Paterno's family to do own investigation

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Paterno's family to do own investigation

STATE COLLEGE, Pa. -- Joe Paterno's family on Monday strongly denied the findings of a special investigator who concluded the late football coach and other top Penn State administrators concealed Jerry Sandusky's sexual abuse of children in order to shield the school from bad publicity.

In a statement, the family said its lawyers will conduct their own investigation of the scandal.

"Our interest has been and remains the uncovering of the truth," the statement read.

The family characterized the 267-page report by former FBI Director Louis Freeh, who was hired by the university board of trustees, as "yet another shocking turn of events in this crisis" and said Paterno, who died in January at age 85, did not knowingly protect a pedophile.

"We are dismayed by, and vehemently disagree with, some of the conclusions and assertions and the process by which they were developed," the statement said. "Mr. Freeh presented his opinions and interpretations as if they were absolute facts."

Sandusky is awaiting sentencing after being convicted last month of 45 counts for abusing 10 boys.

Freeh, citing emails and handwritten notes, concluded that Paterno intervened to stop a plan by three top Penn State officials to report a 2001 allegation against Sandusky to child-welfare authorities.

The report also cited two emails that showed that Paterno knew about a 1998 allegation.

Freeh said Paterno and the other three officials, including ousted Penn State President Graham Spanier, exhibited "callous and shocking" disregard for child victims.

The Paterno family statement said the coach reported the 2001 allegation from graduate assistant Mike McQueary to his superiors.

"It can certainly be asserted that Joe Paterno could have done more. He acknowledged this himself last fall," the family statement said. "But to claim that he knowingly, intentionally protected a pedophile is false."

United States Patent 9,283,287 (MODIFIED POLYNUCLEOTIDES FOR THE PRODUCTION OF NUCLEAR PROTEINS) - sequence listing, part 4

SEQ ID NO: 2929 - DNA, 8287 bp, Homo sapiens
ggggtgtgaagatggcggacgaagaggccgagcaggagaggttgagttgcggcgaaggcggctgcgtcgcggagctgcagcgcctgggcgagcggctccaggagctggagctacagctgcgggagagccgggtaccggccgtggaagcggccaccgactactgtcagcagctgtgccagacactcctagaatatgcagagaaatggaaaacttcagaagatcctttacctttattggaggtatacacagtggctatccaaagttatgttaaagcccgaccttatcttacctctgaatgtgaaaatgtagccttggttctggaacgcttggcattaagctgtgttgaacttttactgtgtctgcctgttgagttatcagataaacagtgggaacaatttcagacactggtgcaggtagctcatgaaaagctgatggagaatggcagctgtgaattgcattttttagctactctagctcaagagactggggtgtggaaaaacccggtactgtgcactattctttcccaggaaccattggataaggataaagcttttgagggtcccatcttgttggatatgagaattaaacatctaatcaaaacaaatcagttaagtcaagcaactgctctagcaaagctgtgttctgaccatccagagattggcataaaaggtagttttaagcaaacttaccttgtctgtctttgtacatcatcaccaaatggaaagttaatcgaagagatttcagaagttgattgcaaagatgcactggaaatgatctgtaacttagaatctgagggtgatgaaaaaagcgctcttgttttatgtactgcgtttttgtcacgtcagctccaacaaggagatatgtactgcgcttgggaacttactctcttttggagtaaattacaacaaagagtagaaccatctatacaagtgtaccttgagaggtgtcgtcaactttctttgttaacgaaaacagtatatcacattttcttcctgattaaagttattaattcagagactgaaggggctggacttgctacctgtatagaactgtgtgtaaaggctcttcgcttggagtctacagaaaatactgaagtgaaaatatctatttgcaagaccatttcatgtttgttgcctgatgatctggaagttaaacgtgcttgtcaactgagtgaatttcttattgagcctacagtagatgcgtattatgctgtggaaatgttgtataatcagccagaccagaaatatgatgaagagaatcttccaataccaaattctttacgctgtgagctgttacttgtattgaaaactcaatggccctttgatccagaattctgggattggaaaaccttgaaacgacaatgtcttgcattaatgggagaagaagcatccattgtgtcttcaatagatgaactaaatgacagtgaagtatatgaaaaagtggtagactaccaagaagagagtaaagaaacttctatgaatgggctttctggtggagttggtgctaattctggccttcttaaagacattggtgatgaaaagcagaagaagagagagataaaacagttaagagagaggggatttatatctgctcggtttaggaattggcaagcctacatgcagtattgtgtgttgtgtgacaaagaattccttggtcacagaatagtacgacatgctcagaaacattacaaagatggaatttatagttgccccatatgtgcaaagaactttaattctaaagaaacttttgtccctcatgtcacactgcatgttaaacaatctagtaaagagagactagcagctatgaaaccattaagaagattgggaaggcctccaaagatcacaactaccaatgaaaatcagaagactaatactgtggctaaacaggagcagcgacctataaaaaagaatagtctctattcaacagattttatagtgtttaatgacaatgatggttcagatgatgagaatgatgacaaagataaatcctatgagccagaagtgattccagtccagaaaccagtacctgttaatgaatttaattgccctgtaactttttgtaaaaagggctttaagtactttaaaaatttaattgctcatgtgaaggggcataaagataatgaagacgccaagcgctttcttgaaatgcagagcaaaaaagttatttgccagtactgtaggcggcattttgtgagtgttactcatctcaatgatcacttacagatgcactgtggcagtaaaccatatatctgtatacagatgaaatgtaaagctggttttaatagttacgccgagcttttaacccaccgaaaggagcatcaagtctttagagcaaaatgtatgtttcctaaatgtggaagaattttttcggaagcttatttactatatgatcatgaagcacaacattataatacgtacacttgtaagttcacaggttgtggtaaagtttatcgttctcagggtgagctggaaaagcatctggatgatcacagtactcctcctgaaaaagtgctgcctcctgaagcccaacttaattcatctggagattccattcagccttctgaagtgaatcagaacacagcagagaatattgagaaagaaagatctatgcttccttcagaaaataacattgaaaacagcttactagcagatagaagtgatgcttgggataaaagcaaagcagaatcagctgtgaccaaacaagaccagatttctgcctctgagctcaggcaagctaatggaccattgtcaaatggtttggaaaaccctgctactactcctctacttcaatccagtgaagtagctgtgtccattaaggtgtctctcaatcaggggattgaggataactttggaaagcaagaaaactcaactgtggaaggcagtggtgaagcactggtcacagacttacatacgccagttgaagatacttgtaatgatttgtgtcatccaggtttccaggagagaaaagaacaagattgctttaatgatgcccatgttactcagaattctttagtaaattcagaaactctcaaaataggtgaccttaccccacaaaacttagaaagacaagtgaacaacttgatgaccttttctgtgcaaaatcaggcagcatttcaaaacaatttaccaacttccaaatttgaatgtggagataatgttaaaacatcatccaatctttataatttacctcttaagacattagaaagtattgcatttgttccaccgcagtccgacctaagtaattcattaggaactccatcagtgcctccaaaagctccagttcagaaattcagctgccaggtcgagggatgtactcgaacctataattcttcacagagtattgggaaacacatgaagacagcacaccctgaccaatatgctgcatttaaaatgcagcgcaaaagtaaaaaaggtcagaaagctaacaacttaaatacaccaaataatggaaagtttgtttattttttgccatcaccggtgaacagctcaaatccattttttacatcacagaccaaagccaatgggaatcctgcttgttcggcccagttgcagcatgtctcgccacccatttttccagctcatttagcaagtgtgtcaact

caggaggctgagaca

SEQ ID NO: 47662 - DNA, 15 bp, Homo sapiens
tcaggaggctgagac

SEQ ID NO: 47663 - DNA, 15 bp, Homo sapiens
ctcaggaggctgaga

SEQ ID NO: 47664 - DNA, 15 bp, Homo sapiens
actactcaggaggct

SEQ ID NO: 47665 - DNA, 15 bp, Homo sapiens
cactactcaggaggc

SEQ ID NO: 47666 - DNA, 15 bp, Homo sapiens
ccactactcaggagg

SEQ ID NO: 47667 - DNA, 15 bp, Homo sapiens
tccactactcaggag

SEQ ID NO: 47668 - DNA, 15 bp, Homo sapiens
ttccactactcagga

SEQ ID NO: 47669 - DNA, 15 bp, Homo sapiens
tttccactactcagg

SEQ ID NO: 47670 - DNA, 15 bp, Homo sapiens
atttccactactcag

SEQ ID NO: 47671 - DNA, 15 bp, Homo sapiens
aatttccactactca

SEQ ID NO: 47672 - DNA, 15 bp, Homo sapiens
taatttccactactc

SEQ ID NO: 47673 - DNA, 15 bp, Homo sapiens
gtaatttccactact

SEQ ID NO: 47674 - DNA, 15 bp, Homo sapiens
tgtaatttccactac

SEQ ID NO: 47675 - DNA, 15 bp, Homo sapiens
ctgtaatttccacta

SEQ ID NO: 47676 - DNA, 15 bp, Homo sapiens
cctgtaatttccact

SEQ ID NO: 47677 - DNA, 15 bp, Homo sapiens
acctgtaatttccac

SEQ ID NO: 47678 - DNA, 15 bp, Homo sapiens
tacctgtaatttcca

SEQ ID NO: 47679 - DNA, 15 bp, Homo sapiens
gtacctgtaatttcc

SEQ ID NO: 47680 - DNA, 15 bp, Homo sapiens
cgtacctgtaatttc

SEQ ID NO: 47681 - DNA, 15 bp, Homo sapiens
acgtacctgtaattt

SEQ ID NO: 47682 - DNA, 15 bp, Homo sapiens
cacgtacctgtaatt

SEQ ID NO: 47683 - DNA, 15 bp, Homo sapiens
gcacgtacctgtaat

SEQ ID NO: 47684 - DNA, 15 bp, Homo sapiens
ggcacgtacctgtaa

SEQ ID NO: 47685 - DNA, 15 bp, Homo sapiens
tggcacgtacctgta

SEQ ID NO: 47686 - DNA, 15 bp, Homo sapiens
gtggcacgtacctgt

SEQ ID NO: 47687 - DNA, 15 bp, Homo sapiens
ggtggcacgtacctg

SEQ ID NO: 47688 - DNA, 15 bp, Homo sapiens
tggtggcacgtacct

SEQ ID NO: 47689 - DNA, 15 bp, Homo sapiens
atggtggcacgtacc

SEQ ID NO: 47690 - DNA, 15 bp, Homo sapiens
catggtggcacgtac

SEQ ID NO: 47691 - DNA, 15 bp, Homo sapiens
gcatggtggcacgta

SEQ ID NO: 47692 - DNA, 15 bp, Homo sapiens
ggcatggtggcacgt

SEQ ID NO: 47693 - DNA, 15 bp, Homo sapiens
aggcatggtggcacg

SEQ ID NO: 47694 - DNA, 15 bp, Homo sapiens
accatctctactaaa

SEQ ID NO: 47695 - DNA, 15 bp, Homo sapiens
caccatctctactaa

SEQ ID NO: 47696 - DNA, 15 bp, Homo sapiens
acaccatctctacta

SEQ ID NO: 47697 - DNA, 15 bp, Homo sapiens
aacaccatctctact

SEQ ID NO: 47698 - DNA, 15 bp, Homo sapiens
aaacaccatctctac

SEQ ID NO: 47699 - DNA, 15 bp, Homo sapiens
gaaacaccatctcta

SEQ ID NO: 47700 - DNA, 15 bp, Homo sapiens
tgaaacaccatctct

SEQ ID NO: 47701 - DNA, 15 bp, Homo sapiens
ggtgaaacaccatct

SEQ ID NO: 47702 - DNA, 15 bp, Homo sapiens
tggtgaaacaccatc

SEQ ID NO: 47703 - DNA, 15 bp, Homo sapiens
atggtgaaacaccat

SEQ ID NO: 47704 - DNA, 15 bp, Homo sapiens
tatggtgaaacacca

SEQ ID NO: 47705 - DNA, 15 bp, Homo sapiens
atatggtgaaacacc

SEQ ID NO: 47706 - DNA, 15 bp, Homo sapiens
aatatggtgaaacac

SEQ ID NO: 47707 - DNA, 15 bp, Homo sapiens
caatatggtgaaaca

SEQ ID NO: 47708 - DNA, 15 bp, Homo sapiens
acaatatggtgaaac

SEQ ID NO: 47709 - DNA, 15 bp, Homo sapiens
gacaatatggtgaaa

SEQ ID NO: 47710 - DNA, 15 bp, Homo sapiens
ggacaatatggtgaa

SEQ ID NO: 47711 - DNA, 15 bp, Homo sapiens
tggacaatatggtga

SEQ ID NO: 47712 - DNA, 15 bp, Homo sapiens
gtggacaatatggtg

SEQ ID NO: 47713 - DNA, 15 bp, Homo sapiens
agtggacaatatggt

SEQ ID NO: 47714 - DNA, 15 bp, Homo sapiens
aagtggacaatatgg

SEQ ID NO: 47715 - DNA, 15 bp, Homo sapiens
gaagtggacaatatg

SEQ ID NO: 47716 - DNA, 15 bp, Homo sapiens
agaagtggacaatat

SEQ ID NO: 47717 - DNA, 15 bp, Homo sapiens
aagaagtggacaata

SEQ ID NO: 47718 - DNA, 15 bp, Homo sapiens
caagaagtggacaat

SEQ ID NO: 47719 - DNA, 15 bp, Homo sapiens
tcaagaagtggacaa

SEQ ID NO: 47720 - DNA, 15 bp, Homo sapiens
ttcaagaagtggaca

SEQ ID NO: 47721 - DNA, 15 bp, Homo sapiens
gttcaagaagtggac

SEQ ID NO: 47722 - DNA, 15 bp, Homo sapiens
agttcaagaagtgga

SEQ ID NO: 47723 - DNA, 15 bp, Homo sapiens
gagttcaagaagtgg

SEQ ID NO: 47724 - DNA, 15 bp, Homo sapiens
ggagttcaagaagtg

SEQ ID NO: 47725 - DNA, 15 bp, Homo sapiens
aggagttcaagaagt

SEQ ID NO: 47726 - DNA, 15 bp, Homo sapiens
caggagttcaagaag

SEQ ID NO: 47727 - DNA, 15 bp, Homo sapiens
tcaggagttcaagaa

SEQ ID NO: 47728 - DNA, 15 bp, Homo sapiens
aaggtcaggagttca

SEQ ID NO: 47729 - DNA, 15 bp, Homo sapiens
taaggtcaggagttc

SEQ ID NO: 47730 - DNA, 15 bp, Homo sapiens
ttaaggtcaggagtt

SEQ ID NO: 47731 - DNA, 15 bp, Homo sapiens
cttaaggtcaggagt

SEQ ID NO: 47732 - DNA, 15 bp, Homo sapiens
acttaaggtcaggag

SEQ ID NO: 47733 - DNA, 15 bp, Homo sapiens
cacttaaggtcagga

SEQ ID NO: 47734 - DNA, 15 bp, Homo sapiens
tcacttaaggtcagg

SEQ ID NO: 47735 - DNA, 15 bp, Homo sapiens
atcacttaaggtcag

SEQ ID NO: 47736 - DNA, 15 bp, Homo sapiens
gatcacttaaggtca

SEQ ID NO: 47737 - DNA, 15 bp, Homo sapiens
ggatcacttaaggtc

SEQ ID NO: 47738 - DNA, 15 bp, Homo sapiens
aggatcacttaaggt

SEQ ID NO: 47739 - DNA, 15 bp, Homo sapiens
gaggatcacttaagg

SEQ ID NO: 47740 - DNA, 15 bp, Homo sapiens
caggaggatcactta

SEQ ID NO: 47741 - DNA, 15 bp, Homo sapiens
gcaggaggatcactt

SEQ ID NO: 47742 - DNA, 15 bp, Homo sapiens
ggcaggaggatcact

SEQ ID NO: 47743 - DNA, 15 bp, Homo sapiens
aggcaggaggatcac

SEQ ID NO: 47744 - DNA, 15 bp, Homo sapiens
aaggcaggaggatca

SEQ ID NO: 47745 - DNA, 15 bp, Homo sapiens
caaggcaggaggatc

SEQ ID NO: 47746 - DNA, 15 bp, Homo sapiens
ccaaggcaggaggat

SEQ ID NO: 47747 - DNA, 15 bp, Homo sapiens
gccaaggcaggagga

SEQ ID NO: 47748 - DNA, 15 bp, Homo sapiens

Monday's statement was issued amid calls for the removal of the famed statue of Paterno outside Beaver Stadium. A university spokesman said Sunday there's been no decision on the sculpture's fate.

Rayshad Lewis, son of Ray Lewis, to transfer and play football at Maryland

Rayshad Lewis, son of Ray Lewis, to transfer and play football at Maryland

For almost two decades, Ray Lewis was one of the main attractions when it came to football in Maryland. Now, another Lewis will have the chance to make a name for himself in the Old Line State.

Rayshad Lewis, Ray's son, announced Monday on his Twitter that he'll be transferring to College Park to play for the Terps. He'll be able to debut for DJ Durkin's team in 2018 after sitting out next season.

As a true freshman at Utah State last year, Lewis had nearly 500 receiving yards on 40 catches. Eight of those grabs went for 20-plus yards, and he found the end zone twice for the Aggies. 

RELATED: JUAN DIXON IS NOW A HEAD COACH

Maryland basketball legend to become Coppin State basketball coach

Maryland basketball legend to become Coppin State basketball coach

According to Don Markus of the Baltimore Sun, Maryland basketball legend Juan Dixon will be named the head coach at Coppin State, his first men's head coaching job.

After his playing career wound down after stints in the NBA and Europe, Dixon joined Mark Turgeon's staff in College Park but was not retained after the 2015-16 season. 

For 2016-17, Dixon took over the UDC women's basketball coaching job finishing with a 3-25 record, but only had nine scholarship athletes. 

Dixon will take over a struggling Coppin State program that has only won 25 games in the past three seasons and hasn't finished with a winning record in the MEAC since 2011-12.

Coppin State became only the third No. 15 seed to top a No. 2 seed in 1997, but have only made the NCAA tournament one time since then (2008). Dixon will look to return Coppin State to the success it had during the 1990's. 

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